A key point in this set of metaphors is that regardless of how you get to your destination – plane, train, car, bike – there is a portion you still have to do on your own. At some point you either have to walk into the building with your own two feet, or roll yourself in with your bloody strong arms.

And so if you’ve spent most of your life in a religious setting, being carried up and away and closer to your destination on the strong winds of corporate prayer and worship, there comes a time when you still have to get your bags out of the overhead compartment and do a bit of your own navigation to get to where you finally need to be.

In the end, no matter how we got to where we are, we’ll still need to bring our awesome-sauce relationship with God up, up, up out of our deep unconscious and into our conscious mind so that we can enjoy the hell out of it. (I intended that pun, too.) And if we really do enjoy the hell out of it, we may find ourselves skipping rather than walking, popping wheelies rather than rolling sedately, to our final destination.

Intentional & Conscious

Now we get to the meat and potatoes. Or if you will, the tofu and nutritional yeast.

Nothing you do is prayer.

Everything you do is prayer.

Both of these statements are true, and the deciding factor between them is where and how you bring the focus of your mind. Your mind is the most powerful tool you have, friends. 

Some examples:

Running. Making music. Worrying about family & friends. Exercise. Playing games. Martial arts training. Doing work tasks. Sitting in meetings. Washing dishes. Raising your children. Doing laundry. Running errands. Dealing with your commute. Waiting in line at a store. Listening to music. Reading a book. Reading the news. Reading stuff online. Talking with your loved ones. Arguing with your spouse. Enjoying nature. Outdoor games and sports. Walking. Crafting. Making dinner. Eating anything. Watching a movie. Waking up in the morning. Winding down from your day. Sitting quietly, intentionally doing nothing.

None of these things are prayer. All of these things can be prayer, if you decide you want them to be prayer and make an effort.

And of course, going to a house of worship and participating – you can be going through the motions, and it’s really not prayer for you. And you can be mentally present and thoughtfully or emotionally engaged (or both) and it is prayer for you.

Sitting in your home, reading ancient wisdom. (Might be a bible, might be something else.) Sitting in your home, or kneeling, or bowing, saying the prayers that a religious institution has taught you to memorize, be it an exact recitation (Like the Our Father/Lord’s Prayer, or the Sh’ma), or a form of prayer that you add your own concerns to… you can be going through the motions here, too! And if you are, it’s not really prayer for you, in that moment. And you can be mentally present and thoughtfully and/or emotionally engaged and it is prayer for you.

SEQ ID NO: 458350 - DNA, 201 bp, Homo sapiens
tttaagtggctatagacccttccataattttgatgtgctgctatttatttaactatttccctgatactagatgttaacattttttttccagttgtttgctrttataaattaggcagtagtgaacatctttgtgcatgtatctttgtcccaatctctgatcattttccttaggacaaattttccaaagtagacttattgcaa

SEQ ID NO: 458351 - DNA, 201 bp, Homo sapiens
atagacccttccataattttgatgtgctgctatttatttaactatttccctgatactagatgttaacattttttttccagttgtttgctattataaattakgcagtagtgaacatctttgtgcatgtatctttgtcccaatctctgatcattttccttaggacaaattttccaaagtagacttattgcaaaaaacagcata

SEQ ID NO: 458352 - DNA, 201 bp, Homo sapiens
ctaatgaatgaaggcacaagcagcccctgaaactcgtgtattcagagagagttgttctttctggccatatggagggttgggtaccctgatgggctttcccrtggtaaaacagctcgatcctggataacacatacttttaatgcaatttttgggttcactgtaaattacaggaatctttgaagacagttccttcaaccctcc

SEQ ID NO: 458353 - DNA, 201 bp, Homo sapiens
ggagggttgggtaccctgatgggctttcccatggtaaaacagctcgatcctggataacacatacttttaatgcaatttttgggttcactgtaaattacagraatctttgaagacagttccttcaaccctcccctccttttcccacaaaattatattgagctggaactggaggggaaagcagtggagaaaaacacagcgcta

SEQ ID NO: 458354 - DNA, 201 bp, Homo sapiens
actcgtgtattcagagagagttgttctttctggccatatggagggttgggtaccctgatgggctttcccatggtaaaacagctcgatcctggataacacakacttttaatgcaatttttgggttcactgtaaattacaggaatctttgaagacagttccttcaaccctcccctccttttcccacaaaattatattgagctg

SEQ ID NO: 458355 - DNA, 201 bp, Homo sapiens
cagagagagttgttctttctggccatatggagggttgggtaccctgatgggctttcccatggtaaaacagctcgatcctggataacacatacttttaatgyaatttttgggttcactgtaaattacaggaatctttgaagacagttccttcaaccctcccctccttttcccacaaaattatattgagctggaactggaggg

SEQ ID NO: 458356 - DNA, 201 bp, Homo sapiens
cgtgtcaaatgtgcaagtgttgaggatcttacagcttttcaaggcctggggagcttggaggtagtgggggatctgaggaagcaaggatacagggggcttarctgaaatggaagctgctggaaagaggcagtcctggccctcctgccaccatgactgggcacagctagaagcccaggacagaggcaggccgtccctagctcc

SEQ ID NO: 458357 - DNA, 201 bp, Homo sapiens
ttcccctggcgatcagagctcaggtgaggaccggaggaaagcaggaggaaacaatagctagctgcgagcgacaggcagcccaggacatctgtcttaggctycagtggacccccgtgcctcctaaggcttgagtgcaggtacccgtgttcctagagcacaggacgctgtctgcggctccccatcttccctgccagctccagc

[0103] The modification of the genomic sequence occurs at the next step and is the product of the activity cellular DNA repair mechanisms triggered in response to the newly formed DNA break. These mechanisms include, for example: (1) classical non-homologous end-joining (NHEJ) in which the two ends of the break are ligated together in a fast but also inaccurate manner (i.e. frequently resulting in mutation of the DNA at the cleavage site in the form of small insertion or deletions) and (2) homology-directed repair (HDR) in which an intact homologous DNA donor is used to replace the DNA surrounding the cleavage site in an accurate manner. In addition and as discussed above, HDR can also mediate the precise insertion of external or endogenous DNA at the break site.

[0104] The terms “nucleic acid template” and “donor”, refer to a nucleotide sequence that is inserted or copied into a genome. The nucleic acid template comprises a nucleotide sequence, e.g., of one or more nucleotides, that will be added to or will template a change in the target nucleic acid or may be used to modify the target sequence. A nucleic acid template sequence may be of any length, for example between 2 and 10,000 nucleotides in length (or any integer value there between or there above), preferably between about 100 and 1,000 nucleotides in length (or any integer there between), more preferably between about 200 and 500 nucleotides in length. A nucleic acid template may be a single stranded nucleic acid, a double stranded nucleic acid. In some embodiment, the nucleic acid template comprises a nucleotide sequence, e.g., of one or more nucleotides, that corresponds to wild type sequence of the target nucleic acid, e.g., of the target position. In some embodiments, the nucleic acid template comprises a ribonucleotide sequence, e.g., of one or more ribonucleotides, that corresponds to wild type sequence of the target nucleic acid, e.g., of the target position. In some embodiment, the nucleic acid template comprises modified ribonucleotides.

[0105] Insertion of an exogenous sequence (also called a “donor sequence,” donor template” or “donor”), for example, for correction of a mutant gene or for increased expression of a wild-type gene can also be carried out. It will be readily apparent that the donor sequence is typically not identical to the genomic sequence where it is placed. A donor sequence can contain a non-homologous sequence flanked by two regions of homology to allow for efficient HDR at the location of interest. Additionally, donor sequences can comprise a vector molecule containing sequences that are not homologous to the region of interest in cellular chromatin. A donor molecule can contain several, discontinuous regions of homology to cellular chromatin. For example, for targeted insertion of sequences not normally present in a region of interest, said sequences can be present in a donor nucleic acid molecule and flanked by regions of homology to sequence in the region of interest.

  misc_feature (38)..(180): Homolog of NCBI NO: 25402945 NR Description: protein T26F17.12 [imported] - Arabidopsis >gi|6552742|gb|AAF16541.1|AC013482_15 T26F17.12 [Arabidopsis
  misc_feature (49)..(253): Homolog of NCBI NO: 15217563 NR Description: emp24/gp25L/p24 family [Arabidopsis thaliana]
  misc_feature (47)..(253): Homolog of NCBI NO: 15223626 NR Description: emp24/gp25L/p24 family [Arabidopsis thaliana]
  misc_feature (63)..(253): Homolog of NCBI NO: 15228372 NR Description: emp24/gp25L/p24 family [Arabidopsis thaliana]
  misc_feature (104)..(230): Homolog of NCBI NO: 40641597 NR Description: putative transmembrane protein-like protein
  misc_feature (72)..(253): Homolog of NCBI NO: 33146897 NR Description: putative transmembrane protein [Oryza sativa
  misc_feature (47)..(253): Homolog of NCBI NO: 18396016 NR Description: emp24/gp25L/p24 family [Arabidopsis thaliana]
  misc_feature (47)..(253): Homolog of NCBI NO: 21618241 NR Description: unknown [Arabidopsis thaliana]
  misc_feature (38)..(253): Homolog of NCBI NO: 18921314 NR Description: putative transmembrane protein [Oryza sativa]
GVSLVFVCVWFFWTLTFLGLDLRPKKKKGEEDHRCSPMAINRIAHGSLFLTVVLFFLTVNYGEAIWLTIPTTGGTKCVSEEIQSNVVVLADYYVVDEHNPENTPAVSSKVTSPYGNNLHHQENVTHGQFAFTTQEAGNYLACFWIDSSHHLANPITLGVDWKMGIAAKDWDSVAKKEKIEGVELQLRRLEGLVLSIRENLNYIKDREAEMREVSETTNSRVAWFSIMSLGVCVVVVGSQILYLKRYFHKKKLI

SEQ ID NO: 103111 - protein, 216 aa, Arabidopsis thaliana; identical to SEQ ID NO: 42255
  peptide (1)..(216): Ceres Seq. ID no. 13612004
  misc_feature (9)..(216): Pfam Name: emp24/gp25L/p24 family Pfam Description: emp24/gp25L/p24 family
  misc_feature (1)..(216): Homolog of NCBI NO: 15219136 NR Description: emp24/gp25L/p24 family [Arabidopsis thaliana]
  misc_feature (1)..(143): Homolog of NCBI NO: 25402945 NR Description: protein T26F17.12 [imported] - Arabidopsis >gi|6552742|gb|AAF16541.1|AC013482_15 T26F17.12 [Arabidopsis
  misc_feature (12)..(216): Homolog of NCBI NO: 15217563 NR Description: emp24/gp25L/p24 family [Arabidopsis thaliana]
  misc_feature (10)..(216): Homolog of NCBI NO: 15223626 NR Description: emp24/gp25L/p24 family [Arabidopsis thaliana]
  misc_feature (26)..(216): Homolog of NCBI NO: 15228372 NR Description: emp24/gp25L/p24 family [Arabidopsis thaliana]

So, nothing you do is prayer, if you just go through the motions. Everything is prayer, if you bring a certain level of present-mindedness and intention to whatever it is you are doing or thinking. And describing the way a person might bring that certain level of present-mindedness to all sorts of activities, including corporate prayer and traditional forms of private prayer, is going to be the subject of the rest of this blog series. :)

Flowchart Spoilers!

photo & flowchart (c) Sare Liz Anuszkiewicz, 2019

This is the first blogpost in a series on prayer. We’re about to go a lot deeper and broader than this introduction, and yes, there will be a flowchart of awesomeness, created by yours truly.

(My patrons have already seen this flowchart of awesomeness, and if you want an advance peek of this and all my creative endeavors, plus all kinds of behind-the-scenes stuff, special opportunities to participate in my creative process, and occasionally swag, you can go check out my patreon page,

And I am ridiculously excited about the flowchart, mostly because this is the first one I’ve ever made and it was a stupid amount of fun. I’m also ridiculously excited about the flowchart because prayer is both really simple and obvious, and also really complex and multi-faceted (yes, it’s a paradox, roll with it) and so while I totally could give a 33-word answer to the ‘what is prayer and how do I do it?’ question I’ve been asked by no fewer than six people in the last three months, it’s an answer few would find satisfying.

“Prayer is your conscious participation in the ongoing conversation with God. Nothing is inherently prayer, but everything can be prayer. And if you think you hear God, remember to discern. Wars result otherwise.” – Mother Sare Anuszkiewicz

And the satisfying answer would be much longer. Like, as long as a blog series. Or a book series. We’ll see.

[This is where the direct link to the next in the blog series will be, when there is a next post.]